True zombies, vampires and werewolves have not been feared for at least two centuries. But their place in the popular imagination has been maintained by horror movies and novels as well as several generations of gamers. Stephenie Meyers’ Twilight series elevated the classic vampire love story to interspecies romance, with a werewolf vying for the hand of the beautiful Bella. (via Nilanjana S Roy: Zombies versus churails).

Why are Indians so bad at horror films …

Why does the largest film production culture, i.e. India not produce Jaws, Jurassic Park (animals as malevolent monsters; justifying the extermination of huge swathes of wild life, “good that we have exterminated them). Where is the Indian Dracula or Frankenstein? In all its 25 major languages and more than 500 plus dialects, Indians don’t have a national ‘monster’ culture? The writer of this column writes, almost complainingly, how

But few have carried on the legacy of Rabindranath Tagore, who wrote some of the most chilling ghost stories of all time—Khudito Pashan (The Hungry Stones) being perhaps the best of them. It’s not for lack of talent—for instance, Tarun Tejpal and Ravi Shankar Etteth have both played around with the ghost story. Ravi Shankar wrote at least one classic, featuring a busload of highly unusual passengers in war-ravaged Kashmir. In 1914, a Mr S Mukerji compiled a set of Indian ghost stories

The Ramsay family tried keeping the ‘horror’ flag flying. But most of their ‘horror’ films finally turned out to be romantic comedies – with a token presence of the ‘horror’ element.

The Indic spread

Other Indian themes have crossed languages, geographies, cultures – and spread all over the world. Witness the spread of Ramayana or how Sanskrit defined most languages of the world. After more than 1000 years of aggression, the Desert Bloc has only half the world as its adherents – though they have 80% of the world’s geography. The Indic belief systems still accounts for half the world’s population.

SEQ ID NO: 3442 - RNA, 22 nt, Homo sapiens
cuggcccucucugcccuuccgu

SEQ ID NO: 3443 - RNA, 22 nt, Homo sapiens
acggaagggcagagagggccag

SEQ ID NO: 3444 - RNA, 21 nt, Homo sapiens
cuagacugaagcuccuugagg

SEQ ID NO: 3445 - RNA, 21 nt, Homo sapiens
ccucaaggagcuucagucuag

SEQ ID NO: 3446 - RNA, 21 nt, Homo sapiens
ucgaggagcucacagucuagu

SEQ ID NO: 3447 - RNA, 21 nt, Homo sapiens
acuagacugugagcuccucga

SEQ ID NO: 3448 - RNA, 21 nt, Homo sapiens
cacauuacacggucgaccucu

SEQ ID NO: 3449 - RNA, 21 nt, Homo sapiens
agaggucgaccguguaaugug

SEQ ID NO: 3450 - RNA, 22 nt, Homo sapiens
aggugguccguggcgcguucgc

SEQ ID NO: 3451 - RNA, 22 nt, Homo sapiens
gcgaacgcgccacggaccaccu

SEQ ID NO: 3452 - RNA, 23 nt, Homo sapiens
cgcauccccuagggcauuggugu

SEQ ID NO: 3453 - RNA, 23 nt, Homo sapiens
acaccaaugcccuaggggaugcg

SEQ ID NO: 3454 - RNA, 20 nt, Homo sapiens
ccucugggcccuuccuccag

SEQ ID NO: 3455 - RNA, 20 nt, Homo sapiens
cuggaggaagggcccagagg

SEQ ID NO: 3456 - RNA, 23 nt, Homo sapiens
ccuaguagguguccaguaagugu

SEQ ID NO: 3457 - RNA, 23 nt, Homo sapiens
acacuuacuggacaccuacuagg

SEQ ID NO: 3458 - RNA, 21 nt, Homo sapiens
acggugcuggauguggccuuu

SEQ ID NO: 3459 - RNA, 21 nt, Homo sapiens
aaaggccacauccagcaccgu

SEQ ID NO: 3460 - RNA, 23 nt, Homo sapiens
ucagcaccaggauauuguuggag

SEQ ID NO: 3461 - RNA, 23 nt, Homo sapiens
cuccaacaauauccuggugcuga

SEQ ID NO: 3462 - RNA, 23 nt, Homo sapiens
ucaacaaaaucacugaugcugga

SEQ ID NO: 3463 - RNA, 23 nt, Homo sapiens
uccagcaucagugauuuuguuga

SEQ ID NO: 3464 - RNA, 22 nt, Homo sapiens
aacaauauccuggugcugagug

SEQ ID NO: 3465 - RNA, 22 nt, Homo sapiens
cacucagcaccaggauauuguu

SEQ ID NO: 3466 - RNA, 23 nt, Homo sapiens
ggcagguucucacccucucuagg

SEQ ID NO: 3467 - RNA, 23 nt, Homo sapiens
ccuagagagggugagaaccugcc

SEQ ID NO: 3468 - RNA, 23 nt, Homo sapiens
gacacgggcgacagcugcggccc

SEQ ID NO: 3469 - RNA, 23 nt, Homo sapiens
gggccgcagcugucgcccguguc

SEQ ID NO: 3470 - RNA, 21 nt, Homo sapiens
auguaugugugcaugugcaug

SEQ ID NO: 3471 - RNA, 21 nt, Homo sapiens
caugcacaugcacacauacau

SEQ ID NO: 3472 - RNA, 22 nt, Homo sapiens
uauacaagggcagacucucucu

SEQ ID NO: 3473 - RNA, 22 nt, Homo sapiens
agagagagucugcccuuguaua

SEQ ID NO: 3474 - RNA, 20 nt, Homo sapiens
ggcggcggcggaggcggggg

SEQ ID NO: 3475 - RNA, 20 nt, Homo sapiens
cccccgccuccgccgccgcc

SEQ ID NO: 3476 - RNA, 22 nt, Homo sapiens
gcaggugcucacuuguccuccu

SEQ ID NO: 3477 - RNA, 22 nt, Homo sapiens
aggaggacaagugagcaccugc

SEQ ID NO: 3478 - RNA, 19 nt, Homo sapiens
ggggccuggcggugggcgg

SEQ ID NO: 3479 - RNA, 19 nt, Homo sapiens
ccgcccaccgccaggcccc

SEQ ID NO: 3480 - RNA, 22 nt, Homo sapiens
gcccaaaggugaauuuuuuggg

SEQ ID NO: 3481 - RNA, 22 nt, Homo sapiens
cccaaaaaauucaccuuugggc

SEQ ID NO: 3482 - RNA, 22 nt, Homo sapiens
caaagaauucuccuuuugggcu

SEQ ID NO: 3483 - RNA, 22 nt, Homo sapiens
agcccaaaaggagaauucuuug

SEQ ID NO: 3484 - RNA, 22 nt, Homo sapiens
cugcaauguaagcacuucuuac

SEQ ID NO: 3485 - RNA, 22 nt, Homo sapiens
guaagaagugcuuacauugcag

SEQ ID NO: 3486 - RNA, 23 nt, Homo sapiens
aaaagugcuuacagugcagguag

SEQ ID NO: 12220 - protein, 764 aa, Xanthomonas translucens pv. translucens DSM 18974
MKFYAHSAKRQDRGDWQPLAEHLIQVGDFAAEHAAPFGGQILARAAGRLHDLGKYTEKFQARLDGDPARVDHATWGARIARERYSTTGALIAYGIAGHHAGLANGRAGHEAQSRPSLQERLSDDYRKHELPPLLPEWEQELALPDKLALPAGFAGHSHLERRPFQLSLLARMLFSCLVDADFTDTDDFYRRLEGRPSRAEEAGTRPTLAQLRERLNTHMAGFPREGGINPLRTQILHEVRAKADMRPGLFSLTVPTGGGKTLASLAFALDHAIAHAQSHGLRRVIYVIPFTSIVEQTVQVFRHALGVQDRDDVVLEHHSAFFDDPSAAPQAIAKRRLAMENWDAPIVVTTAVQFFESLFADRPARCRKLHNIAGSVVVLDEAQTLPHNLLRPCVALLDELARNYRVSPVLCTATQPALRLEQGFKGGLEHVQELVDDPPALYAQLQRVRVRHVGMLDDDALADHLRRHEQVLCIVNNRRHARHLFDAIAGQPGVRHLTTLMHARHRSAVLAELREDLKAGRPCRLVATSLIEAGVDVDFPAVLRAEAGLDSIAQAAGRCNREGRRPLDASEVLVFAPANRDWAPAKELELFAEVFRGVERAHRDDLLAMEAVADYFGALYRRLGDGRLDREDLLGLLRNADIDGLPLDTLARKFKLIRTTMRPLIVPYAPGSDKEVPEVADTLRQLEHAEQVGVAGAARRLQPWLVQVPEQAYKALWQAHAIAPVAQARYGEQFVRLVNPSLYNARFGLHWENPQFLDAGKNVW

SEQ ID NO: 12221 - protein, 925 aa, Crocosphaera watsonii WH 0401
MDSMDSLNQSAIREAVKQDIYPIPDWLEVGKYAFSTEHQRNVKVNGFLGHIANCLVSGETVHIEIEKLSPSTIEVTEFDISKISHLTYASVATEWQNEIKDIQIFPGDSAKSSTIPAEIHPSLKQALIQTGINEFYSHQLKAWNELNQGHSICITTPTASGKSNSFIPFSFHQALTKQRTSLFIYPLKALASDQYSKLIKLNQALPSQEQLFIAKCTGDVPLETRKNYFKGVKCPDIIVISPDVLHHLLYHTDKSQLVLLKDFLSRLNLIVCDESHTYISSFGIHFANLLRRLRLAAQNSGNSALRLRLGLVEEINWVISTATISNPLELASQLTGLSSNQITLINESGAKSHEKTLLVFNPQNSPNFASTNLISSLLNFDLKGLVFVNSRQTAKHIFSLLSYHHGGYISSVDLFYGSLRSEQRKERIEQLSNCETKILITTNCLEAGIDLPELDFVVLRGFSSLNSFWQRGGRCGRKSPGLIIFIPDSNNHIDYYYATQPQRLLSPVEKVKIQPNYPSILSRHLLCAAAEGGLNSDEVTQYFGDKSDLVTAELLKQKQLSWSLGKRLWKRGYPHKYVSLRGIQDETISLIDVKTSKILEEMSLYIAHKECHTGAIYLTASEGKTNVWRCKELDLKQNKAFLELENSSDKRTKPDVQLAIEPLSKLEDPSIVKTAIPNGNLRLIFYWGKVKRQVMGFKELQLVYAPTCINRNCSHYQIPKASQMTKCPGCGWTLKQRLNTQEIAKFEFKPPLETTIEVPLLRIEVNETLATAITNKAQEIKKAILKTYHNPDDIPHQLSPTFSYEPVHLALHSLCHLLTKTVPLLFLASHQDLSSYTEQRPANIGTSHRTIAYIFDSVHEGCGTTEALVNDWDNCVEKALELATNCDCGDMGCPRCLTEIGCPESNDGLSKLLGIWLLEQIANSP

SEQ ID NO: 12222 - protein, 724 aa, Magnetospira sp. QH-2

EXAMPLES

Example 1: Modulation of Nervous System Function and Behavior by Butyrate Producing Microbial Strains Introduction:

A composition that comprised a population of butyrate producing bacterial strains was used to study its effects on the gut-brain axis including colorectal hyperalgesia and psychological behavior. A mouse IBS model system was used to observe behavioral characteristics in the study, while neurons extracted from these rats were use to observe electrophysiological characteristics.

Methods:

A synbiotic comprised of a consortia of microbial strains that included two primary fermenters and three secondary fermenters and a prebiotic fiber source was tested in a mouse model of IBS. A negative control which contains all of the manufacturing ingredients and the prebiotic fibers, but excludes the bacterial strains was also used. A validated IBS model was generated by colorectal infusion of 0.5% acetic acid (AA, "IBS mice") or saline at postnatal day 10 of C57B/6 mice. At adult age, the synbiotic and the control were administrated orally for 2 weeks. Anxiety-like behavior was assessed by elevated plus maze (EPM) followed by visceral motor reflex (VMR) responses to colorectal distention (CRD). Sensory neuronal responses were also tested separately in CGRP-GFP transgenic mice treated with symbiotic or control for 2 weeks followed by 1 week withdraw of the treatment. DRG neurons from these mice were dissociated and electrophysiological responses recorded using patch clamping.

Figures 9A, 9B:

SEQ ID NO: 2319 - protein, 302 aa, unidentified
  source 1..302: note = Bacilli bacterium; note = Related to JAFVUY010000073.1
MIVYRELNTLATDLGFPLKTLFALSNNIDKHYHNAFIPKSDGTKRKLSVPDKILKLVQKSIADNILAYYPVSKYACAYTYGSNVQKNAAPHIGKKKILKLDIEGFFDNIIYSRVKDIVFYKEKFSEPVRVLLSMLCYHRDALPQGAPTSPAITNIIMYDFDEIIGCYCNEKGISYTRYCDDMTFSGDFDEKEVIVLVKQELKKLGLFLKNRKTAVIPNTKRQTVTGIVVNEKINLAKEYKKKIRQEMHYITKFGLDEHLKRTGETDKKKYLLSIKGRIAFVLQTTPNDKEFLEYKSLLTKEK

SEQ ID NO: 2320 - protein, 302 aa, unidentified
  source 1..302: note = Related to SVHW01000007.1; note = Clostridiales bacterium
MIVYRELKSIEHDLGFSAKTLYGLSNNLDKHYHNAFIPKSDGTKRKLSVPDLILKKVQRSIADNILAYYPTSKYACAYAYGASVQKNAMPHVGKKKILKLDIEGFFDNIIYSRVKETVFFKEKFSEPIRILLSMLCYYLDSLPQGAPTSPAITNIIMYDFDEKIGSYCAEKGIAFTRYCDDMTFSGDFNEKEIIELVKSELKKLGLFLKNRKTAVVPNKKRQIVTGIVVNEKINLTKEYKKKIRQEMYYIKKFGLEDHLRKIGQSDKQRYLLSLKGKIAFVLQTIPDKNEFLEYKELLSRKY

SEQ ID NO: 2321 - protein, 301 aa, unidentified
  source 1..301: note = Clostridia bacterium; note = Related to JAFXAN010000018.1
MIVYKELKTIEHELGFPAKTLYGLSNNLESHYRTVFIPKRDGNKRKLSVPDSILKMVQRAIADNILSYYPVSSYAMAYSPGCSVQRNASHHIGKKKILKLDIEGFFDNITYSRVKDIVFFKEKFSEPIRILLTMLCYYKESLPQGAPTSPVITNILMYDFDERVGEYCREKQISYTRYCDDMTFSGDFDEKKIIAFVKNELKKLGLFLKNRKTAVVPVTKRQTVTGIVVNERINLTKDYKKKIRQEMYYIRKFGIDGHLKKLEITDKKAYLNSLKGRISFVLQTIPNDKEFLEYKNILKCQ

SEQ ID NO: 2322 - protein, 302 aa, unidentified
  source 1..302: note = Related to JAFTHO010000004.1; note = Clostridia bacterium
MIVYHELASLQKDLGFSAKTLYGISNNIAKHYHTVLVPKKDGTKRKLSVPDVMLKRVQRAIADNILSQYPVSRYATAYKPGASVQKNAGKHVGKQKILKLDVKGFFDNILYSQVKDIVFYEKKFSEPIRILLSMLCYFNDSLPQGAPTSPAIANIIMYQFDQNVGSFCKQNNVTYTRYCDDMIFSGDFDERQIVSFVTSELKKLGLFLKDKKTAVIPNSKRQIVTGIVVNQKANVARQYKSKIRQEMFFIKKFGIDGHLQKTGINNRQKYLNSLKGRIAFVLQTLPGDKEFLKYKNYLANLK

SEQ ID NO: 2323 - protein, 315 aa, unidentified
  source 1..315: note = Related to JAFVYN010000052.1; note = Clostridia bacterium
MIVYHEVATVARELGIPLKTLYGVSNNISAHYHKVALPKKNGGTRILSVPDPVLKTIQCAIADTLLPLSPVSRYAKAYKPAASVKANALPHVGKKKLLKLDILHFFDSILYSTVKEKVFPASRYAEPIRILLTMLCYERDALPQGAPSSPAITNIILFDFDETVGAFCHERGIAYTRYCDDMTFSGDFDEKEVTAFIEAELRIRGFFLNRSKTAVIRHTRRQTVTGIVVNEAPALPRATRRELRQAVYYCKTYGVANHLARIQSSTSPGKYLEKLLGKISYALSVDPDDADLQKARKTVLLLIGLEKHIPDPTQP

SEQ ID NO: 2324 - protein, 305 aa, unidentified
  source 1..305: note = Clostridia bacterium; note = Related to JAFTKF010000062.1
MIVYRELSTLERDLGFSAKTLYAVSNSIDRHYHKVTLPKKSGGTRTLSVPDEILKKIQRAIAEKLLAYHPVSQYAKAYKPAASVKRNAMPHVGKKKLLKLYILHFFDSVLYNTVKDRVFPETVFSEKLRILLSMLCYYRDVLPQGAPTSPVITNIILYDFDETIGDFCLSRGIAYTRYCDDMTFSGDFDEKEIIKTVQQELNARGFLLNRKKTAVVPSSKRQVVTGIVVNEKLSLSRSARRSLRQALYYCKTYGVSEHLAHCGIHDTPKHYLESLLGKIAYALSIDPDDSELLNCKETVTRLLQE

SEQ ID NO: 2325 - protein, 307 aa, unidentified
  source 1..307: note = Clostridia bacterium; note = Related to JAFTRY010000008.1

Why indeed does India have a scarcity of ‘monsters’. Even Indian asuras are not really monsters or devils! This columnist speculates that

perhaps something of the belief that ghost stories are for the masses, not for the purveyors of high literature, has rubbed off on to our authors. That, given India’s rich heritage of dakinis, betaals, nishibhoots and other things that go bump in the night, is a sad mistake.

To understand this better, let us look at the world’s most fertile ground for ‘monsters’ …

Medieval – Renaissance Europe

16th century Europe – specifically, Spain and Portugal. The last of the Moors had been driven out of Spain. The Christian standard was flying high. The Papal Bull divided the Earth (for the Europeans) between Spain and Portugal. White Christian rulers of Spain, Isabella and Ferdinand, set historic standards in persecution and extortion. More than a million Jews were killed, crucified, burnt alive; their properties confiscated and distributed. Columbus returned to enslave the American Natives – and subsequently, work them to death.